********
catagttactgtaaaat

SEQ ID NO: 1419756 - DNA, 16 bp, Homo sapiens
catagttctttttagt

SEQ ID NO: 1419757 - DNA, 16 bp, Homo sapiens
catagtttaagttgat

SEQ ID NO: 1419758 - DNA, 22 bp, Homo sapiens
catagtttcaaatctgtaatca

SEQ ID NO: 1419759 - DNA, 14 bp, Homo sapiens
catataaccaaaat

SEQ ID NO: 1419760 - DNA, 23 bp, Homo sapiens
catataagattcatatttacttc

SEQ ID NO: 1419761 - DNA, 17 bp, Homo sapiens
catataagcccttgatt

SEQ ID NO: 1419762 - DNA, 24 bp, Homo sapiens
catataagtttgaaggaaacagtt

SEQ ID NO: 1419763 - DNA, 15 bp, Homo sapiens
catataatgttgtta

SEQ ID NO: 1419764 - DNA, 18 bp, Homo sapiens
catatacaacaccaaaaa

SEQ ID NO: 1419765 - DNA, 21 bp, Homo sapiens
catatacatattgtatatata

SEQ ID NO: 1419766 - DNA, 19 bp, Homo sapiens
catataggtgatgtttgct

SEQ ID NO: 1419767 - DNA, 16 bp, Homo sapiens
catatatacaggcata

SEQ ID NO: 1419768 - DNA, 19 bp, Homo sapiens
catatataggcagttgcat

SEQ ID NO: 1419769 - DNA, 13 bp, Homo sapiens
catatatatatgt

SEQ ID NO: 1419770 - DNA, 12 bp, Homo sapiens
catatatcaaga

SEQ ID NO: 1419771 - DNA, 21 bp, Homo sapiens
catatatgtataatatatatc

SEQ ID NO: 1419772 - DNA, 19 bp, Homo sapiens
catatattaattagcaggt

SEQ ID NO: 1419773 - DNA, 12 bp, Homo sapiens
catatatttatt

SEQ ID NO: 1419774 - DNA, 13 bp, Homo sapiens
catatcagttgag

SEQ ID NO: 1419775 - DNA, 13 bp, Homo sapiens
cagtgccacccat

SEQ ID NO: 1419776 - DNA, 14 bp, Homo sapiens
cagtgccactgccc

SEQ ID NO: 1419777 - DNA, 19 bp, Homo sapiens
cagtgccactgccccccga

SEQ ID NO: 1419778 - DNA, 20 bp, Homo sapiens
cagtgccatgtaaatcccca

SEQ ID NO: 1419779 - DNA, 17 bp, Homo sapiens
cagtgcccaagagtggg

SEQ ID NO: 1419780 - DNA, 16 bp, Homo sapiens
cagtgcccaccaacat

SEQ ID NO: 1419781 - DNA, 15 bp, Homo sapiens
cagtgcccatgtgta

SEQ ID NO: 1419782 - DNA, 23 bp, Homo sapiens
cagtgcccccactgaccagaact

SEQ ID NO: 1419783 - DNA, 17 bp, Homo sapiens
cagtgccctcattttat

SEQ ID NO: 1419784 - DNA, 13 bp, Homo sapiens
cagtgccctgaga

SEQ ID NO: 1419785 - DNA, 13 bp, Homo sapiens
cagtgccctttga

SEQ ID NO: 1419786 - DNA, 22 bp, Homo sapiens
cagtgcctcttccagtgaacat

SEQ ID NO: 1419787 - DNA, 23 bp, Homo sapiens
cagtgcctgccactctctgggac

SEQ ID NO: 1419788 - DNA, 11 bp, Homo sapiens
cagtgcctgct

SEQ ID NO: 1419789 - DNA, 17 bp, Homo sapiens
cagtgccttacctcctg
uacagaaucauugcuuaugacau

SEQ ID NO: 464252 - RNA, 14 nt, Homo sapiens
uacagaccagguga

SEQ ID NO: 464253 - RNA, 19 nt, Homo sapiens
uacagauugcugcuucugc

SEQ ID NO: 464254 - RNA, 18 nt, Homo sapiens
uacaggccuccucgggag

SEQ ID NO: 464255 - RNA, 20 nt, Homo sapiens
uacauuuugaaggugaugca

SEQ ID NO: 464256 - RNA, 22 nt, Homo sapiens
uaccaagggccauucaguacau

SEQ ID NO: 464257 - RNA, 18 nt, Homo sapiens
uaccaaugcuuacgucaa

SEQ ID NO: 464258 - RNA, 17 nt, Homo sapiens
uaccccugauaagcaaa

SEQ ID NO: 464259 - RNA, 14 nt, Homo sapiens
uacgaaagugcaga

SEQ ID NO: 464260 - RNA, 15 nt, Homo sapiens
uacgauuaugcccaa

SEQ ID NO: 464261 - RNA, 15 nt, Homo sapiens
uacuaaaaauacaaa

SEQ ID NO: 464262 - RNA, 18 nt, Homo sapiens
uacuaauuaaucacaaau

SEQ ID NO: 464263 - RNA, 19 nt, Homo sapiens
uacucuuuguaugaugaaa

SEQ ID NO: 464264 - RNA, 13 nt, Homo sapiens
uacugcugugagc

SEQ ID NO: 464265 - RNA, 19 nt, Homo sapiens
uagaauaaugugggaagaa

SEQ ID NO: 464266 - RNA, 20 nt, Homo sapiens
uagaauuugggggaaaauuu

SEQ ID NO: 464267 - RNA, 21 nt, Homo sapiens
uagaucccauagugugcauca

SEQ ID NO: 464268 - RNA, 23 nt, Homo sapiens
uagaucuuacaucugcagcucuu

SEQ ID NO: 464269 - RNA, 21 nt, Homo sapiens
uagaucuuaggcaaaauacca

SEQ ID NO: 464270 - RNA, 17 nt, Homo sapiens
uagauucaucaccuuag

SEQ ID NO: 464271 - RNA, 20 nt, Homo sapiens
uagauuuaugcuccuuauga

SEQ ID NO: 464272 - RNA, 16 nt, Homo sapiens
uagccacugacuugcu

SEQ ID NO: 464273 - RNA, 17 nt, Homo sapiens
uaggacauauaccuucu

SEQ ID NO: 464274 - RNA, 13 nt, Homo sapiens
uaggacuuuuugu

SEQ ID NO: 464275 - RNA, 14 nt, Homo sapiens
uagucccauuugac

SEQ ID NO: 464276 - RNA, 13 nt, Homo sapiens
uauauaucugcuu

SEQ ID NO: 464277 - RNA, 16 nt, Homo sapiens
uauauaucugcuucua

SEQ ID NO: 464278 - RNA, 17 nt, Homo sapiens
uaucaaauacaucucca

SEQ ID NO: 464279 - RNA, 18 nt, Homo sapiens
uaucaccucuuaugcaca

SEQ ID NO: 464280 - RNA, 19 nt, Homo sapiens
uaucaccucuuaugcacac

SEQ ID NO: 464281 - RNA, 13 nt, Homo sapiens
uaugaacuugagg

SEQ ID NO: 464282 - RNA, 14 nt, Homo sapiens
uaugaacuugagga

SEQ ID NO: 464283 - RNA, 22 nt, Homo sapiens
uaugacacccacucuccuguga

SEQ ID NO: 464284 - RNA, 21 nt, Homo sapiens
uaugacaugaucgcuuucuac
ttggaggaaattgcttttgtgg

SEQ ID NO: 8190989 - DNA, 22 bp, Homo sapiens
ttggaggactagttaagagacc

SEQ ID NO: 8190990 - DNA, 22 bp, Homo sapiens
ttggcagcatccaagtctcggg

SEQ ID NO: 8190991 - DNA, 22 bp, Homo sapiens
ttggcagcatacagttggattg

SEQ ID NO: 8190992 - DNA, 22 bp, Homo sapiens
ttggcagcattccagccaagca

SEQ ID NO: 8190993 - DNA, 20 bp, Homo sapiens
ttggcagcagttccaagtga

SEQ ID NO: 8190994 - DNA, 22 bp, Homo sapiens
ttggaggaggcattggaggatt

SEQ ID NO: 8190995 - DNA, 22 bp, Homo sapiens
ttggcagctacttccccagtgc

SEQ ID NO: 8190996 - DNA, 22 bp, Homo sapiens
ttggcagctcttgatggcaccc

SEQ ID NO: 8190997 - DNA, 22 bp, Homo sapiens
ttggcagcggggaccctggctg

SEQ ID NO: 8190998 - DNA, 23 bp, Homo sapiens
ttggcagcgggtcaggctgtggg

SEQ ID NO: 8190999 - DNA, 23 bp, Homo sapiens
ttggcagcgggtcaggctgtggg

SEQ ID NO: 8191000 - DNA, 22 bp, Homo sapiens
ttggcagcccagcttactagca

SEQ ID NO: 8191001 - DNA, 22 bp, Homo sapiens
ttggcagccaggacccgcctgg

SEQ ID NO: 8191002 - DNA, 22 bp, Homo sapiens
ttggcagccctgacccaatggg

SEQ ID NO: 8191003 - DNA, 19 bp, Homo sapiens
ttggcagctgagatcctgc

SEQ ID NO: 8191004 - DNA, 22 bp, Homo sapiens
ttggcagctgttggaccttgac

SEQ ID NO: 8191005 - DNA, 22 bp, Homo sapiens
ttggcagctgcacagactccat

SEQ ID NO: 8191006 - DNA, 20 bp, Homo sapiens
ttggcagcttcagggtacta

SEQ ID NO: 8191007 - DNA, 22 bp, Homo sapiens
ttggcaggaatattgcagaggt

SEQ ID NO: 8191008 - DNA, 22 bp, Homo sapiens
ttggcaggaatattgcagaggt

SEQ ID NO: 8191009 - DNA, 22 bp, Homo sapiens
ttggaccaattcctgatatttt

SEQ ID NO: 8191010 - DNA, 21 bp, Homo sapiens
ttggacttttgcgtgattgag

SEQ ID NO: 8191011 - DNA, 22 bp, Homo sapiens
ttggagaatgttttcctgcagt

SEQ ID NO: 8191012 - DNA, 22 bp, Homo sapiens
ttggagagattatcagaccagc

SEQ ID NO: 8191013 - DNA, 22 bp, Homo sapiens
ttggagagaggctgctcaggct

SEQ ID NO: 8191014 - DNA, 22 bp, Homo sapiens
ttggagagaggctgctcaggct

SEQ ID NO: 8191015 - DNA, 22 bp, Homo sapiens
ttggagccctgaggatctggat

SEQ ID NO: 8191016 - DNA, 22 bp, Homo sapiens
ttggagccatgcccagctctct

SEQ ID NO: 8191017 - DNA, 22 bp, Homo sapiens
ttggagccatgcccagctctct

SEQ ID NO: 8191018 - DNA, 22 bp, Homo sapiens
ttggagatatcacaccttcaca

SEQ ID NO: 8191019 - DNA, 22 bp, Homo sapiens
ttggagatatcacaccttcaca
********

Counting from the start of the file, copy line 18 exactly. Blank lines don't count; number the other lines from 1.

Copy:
SEQ ID NO: 1419764 - DNA, 18 bp, Homo sapiens